The problem is not in colleges, or in children, it is in the parents and those that run the country. They want indicators so they get reelected or not hassled by their children for giving them a hard time. Well, stop being afraid. If you stop focusing on grades as driving factors that schools MUST use to get their share of federal and state funding, then teachers will begin to push their student. Grades will drop, but the knowledge base will increase. It is about more than just indicators, it is about unquantifiable results of education. You cannot make rules and grids showing student performance. Education is an investment into developing logical thought and a base of knowledge through which genius is developed. College freshmen students find it hard to go into world level universities that expect higher performance out of students who do not posses the basics to begin to understand that material!

So, if you are truly concerned with the poor levels of education in American and especially the ability of America’s future leaders to compete globally – call on your Congressmen to take action that is not driven by money or grades. Education is a REQUIREMENT for a civil society, not a privilege.


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FULL ARTICLE From the way the world is going, the region where a cataclysmic event may happen is in the Middle East. There are too many sides fighting for power and dominance of the region, and each is pushing the envelope further and further, currently testing the other sides’ patience and diplomatic ability.

The world today does not want to see war, necessarily. However, the veterans of World War II are dying out. They are the ones that have seen how devastating and brutal a world war can be, and how even the most civilized countries are ready to indiscriminately kill civilians and demolish whole cities in order to gain a simple ability to sell something that is located in a different land.

Commerce is the name of the game, and those that have the most resources have the best commercial ability. Commerce is power and leverage. It is control of whole economies. The United States has been very discreet about imperial aspirations. The basics of empire expansion are control of resources for a purpose of selling them. Not everyone has the power to expand in such a manner, and most take the old-school route — that is, guns blazing and bombs flying, with tanks sweeping in and destruction in the armies’ path.

The most important resource allocation in the world right now is located in the Middle East. Also, the biggest rivalries are in the Middle East. The interesting thing is that it was Europe and the United States that created the reason for there to be conflict in this area. They sparked old rivalries anew in the Middle East by creating Israel as a state. It was a gesture of good will from the Allies and the USSR. However, dislocating a large portion of people and telling them that their rivals are now the owners of the soil is bound to get one side pissed off.

And guess who that side is: the whole Arab world. Now, I am not against the State of Israel, but it is the reason for instability in the Middle East today. With European and mainly America’s backing and support, Israel was able to muster up one of the…FULL ARTICLE

Great Game II – NATO vs. Russia in the Caspian Basin

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The Caspian basin has long been a point of contention between Russia and other world players for many years. It is the second largest oil reserve in the world and has enough resources to fuel all parties interested for many decades, also enriching those that take part in the extraction and sale of the resources. It was called the ‘Great Game’ in the 1800s, now some call it ‘Great Game II’. The Great Game was ‘played’ between the Russian and the British empires. Now, the British are part of a larger force called NATO and all nations in the alliance share Britain’s interests.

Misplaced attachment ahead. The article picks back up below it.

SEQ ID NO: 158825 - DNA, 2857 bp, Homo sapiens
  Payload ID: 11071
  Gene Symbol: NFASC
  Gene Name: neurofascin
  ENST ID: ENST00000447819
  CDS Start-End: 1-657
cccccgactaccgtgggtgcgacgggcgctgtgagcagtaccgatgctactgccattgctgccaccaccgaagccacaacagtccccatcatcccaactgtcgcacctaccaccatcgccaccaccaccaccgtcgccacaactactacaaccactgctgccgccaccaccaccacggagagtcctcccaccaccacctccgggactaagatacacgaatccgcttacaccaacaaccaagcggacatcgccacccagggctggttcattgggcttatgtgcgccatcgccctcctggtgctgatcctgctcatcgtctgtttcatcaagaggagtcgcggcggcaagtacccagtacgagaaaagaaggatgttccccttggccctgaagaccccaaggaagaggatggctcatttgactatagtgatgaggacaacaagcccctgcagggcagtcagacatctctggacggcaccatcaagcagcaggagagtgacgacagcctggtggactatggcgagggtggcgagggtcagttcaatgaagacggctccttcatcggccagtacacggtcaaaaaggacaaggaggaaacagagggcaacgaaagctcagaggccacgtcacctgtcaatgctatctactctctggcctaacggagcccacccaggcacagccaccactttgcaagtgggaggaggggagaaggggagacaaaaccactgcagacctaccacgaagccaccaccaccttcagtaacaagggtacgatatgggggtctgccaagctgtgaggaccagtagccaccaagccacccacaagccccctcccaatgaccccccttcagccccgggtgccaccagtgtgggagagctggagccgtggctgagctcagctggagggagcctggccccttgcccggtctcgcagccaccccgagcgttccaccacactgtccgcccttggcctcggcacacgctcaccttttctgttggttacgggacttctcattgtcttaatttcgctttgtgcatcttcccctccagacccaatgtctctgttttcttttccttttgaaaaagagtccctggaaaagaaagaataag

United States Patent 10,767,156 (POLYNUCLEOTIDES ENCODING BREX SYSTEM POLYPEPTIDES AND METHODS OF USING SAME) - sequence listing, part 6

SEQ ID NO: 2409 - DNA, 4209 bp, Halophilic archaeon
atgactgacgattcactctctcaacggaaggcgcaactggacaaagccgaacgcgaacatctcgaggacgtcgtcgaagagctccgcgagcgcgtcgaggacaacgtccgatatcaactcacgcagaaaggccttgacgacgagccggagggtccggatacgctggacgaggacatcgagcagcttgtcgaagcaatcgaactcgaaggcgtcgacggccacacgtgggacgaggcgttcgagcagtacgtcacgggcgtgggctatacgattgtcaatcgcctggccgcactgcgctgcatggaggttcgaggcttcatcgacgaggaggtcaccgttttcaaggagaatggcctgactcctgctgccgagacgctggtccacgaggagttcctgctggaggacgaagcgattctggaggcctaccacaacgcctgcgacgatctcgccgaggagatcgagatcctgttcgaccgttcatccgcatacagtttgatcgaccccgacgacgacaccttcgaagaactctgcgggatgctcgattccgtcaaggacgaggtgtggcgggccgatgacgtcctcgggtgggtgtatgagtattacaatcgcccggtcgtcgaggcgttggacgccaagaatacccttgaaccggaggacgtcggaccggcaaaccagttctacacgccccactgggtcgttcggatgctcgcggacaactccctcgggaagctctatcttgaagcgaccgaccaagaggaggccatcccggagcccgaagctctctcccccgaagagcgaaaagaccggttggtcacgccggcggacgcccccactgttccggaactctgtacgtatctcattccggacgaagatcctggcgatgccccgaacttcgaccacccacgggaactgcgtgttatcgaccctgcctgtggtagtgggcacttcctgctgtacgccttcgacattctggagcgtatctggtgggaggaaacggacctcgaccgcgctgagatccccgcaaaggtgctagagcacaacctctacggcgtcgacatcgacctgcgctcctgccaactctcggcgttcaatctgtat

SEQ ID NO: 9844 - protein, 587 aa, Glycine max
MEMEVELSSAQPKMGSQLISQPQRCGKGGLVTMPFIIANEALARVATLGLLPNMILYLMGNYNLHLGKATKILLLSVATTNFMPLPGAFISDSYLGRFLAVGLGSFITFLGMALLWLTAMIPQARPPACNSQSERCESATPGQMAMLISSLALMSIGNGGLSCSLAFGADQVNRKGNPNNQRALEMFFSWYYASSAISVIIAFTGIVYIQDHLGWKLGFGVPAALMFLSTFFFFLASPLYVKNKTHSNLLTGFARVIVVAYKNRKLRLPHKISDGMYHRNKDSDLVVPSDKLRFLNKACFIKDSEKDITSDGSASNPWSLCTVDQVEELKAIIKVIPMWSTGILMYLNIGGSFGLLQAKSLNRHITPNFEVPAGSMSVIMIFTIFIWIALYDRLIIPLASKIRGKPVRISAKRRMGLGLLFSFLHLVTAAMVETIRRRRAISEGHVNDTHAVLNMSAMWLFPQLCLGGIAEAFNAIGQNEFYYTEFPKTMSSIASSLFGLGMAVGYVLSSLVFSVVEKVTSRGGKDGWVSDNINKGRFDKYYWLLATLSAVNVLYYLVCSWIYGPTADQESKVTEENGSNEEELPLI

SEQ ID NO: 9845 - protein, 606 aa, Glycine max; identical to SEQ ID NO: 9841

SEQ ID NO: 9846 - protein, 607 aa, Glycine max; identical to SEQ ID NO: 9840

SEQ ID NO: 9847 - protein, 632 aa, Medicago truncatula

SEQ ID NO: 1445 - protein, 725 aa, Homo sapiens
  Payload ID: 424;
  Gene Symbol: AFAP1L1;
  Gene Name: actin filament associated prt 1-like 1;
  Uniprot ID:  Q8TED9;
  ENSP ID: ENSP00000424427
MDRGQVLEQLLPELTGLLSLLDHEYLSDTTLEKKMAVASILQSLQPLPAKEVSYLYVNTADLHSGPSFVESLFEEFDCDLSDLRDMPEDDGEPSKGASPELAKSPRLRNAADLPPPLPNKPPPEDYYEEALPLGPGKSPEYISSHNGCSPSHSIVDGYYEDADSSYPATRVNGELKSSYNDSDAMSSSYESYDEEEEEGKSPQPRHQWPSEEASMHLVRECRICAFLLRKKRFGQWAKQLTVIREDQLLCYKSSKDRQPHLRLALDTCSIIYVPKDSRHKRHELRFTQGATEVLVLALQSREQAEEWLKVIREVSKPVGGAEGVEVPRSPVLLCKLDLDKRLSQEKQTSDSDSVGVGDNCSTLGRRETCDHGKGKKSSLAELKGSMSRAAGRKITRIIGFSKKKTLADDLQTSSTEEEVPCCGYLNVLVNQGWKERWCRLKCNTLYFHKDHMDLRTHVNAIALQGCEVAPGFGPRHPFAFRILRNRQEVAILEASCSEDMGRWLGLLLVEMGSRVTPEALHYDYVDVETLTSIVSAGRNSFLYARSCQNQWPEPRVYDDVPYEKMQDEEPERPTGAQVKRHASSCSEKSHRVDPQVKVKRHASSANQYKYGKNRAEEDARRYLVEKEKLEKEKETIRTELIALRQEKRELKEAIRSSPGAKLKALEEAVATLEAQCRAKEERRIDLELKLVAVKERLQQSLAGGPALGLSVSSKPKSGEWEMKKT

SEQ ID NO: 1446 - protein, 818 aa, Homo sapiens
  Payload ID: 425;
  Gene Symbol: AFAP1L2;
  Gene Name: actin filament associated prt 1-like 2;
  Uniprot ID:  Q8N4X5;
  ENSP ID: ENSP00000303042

Russia is not about to give up the fight for its area of influence. Control of the Caspian would be a tremendous blow to the EU because Russia then would be controlling nearly every possible source of energy in EU’s close proximity. Since the USSR fell apart, old rivalries resurfaced and new ones emerged in Central Asia. Many European nations would love to get a piece of the Central Asian riches and, with the region being in an unstable shape, it is much easier to accomplish than it was if the old USSR or the Russian Empire was still around.

The Nabucco Pipeline

Not too long ago, Georgia signed a deal to be a part of the Nabucco pipeline that would essentially reduce Europe’s dependency on Russia as its energy supplier. Ever since the project was decided upon in the early 1990s, it has been full of intrigue, conspiracy theories, and some experts even tried to link it to the war is South Ossetia in August of 2008. The possible issues that Russia may have with this pipeline are evident. If it is completed, Russia loses its market share of EU energy imports and loses an opportunity to expand its energy exports.

It can be hypothesized that Georgia went to war in South Ossetia in order to show the rest of the world that it has a strong military and leadership that it is able to provide security for the potential pipeline and energy routes going through it. If it were successful, the EU and the US would most definitely see Georgia as a worthy partner in Central Asia and invest heavily in the country’s economy. If Russia lost, NATO would be able to draw a line in the Caucasus region between a Russian and Western area of influence.

However, Georgia showed that it was not up to the task of providing security for potential investments in Nabucco and further energy routes feeding Europe. Russia’s campaign showed that it will not settle on such a close area of influence border and is willing to further fight for its right to oversee Central Asia. In addition, Russia is planning its own pipeline, but one which would connect the Caspian and the Black Seas. That pipeline would feed Europe as well, but now with Russia controlling the flows.

NATO Exercises